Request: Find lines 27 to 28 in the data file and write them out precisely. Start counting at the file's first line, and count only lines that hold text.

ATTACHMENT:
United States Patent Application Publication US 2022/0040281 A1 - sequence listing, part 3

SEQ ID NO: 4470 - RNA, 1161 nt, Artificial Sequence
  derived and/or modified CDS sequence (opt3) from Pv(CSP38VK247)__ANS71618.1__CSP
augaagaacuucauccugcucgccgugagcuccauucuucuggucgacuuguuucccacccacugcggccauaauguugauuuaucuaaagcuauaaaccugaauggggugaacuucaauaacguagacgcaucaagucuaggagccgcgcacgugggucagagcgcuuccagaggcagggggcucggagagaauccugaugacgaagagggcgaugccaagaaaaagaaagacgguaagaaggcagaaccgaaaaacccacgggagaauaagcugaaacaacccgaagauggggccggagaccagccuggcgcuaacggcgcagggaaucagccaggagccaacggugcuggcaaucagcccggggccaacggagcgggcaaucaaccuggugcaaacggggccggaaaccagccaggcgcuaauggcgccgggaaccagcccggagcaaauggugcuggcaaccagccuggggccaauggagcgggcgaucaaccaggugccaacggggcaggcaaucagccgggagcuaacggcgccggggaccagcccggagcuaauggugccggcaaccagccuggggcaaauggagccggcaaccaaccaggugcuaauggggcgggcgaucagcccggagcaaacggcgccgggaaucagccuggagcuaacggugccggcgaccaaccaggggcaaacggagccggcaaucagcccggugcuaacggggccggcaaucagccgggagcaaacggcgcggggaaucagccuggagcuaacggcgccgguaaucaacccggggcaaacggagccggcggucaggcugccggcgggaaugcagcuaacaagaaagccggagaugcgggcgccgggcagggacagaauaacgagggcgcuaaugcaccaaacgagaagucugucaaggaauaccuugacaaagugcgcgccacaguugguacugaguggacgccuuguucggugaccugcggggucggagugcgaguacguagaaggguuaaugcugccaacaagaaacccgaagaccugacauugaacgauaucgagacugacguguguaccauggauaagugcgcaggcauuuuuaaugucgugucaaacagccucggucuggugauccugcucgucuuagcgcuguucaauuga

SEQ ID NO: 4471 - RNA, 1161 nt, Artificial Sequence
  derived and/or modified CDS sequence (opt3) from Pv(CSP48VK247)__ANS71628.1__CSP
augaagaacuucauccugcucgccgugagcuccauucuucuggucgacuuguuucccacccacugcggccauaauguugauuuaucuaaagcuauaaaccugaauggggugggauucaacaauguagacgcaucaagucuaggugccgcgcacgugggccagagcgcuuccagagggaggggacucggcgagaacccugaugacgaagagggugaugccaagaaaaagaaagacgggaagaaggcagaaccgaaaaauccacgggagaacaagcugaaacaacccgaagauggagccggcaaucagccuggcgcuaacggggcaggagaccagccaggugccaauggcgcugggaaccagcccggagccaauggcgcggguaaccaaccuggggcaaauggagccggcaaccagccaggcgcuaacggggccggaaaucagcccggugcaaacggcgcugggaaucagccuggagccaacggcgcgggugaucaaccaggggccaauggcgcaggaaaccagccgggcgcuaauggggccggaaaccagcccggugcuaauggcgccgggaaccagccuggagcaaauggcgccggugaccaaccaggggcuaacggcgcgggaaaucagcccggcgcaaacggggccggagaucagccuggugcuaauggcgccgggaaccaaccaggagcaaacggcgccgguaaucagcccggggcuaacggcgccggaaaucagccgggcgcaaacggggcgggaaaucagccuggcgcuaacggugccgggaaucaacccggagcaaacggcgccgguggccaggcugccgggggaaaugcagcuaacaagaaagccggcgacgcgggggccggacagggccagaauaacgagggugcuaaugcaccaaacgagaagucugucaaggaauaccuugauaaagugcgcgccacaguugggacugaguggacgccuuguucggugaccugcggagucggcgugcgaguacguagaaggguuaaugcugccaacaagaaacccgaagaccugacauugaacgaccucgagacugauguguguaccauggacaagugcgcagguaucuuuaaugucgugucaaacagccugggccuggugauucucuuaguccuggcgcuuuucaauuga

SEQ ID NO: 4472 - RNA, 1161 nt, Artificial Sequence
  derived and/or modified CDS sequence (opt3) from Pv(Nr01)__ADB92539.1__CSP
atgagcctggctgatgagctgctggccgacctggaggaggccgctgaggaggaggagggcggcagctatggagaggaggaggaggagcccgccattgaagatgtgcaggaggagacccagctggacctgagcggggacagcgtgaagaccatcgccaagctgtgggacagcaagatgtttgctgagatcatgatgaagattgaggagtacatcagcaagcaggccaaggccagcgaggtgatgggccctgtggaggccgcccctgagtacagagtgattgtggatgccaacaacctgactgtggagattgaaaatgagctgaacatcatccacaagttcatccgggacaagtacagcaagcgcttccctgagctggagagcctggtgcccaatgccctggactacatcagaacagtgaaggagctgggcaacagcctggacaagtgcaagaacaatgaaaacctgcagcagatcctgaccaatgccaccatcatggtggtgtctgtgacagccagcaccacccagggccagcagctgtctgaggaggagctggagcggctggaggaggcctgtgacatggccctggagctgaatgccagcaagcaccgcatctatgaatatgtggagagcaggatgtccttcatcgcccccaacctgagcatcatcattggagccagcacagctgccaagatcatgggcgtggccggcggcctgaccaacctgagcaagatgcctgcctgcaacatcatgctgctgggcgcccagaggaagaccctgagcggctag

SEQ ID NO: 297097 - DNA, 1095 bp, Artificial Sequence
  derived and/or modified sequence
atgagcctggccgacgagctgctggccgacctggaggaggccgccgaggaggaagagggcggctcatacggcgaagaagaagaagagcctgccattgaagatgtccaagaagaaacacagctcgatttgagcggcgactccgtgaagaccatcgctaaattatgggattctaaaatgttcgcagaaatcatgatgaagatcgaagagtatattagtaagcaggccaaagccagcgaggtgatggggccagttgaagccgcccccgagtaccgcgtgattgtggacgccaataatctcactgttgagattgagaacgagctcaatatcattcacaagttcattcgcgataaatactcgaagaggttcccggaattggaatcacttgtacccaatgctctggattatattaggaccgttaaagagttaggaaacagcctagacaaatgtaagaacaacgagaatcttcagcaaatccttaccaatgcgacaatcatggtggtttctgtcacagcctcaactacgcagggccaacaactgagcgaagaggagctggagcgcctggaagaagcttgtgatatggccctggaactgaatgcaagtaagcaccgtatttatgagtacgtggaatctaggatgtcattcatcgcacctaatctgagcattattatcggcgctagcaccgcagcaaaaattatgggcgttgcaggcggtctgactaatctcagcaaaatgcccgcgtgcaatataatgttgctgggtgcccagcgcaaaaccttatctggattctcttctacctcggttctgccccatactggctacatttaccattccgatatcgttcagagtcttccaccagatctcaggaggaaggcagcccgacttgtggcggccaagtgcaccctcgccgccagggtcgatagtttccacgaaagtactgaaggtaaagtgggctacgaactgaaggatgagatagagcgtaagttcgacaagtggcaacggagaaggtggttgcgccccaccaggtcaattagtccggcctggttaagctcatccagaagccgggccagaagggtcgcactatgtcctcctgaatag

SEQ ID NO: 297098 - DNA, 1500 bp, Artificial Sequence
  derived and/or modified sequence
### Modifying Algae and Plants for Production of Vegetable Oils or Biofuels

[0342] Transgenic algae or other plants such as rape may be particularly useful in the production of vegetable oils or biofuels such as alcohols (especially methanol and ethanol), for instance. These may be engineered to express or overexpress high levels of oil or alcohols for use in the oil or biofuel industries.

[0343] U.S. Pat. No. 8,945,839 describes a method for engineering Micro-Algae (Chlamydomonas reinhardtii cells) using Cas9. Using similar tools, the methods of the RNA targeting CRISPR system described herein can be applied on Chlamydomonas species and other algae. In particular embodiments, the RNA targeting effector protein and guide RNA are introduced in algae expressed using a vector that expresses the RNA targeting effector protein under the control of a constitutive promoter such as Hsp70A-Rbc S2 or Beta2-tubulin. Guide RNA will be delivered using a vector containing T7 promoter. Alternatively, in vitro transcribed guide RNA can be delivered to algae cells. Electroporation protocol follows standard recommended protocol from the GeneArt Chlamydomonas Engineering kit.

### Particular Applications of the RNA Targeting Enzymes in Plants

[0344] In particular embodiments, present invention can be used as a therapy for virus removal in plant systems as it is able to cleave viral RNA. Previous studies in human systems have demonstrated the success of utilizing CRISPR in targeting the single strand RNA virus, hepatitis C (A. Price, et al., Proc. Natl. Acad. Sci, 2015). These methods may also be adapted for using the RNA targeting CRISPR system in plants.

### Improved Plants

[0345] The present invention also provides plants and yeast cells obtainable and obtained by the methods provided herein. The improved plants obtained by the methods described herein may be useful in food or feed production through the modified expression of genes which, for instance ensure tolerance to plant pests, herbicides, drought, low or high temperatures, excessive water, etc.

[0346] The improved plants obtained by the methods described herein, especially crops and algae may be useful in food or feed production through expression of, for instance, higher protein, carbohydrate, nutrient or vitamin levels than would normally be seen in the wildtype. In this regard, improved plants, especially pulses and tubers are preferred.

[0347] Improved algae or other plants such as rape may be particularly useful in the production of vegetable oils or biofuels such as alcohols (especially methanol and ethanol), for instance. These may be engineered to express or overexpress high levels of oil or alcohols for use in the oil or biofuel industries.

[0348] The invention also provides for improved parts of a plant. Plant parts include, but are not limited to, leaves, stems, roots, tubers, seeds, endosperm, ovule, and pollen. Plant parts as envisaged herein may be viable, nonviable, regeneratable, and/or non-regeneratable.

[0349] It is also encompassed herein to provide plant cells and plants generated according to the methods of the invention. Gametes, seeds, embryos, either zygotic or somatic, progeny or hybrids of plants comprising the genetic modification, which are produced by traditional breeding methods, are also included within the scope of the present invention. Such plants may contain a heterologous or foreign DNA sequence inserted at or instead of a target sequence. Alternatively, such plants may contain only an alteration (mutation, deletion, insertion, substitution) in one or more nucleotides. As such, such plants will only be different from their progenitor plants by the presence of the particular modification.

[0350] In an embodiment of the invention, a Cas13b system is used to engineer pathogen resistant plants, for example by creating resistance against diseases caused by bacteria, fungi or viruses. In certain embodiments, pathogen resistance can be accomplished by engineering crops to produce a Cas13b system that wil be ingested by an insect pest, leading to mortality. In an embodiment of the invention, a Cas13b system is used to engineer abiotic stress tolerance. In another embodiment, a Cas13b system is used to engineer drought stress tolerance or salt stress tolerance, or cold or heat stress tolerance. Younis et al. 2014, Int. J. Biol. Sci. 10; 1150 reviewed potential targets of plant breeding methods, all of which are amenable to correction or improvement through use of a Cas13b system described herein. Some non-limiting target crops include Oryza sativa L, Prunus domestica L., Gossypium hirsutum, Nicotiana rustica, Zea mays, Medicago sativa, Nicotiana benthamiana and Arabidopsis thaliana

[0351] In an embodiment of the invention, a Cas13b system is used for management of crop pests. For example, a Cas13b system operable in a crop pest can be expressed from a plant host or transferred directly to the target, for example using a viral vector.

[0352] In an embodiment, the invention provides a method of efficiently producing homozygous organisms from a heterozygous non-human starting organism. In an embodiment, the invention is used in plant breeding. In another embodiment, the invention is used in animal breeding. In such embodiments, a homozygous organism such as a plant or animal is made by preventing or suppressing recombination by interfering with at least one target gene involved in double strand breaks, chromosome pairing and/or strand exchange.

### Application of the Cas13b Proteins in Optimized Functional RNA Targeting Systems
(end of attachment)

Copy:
[0350] In an embodiment of the invention, a Cas13b system is used to engineer pathogen resistant plants, for example by creating resistance against diseases caused by bacteria, fungi or viruses. In certain embodiments, pathogen resistance can be accomplished by engineering crops to produce a Cas13b system that wil be ingested by an insect pest, leading to mortality. In an embodiment of the invention, a Cas13b system is used to engineer abiotic stress tolerance. In another embodiment, a Cas13b system is used to engineer drought stress tolerance or salt stress tolerance, or cold or heat stress tolerance. Younis et al. 2014, Int. J. Biol. Sci. 10; 1150 reviewed potential targets of plant breeding methods, all of which are amenable to correction or improvement through use of a Cas13b system described herein. Some non-limiting target crops include Oryza sativa L, Prunus domestica L., Gossypium hirsutum, Nicotiana rustica, Zea mays, Medicago sativa, Nicotiana benthamiana and Arabidopsis thaliana

[0351] In an embodiment of the invention, a Cas13b system is used for management of crop pests. For example, a Cas13b system operable in a crop pest can be expressed from a plant host or transferred directly to the target, for example using a viral vector.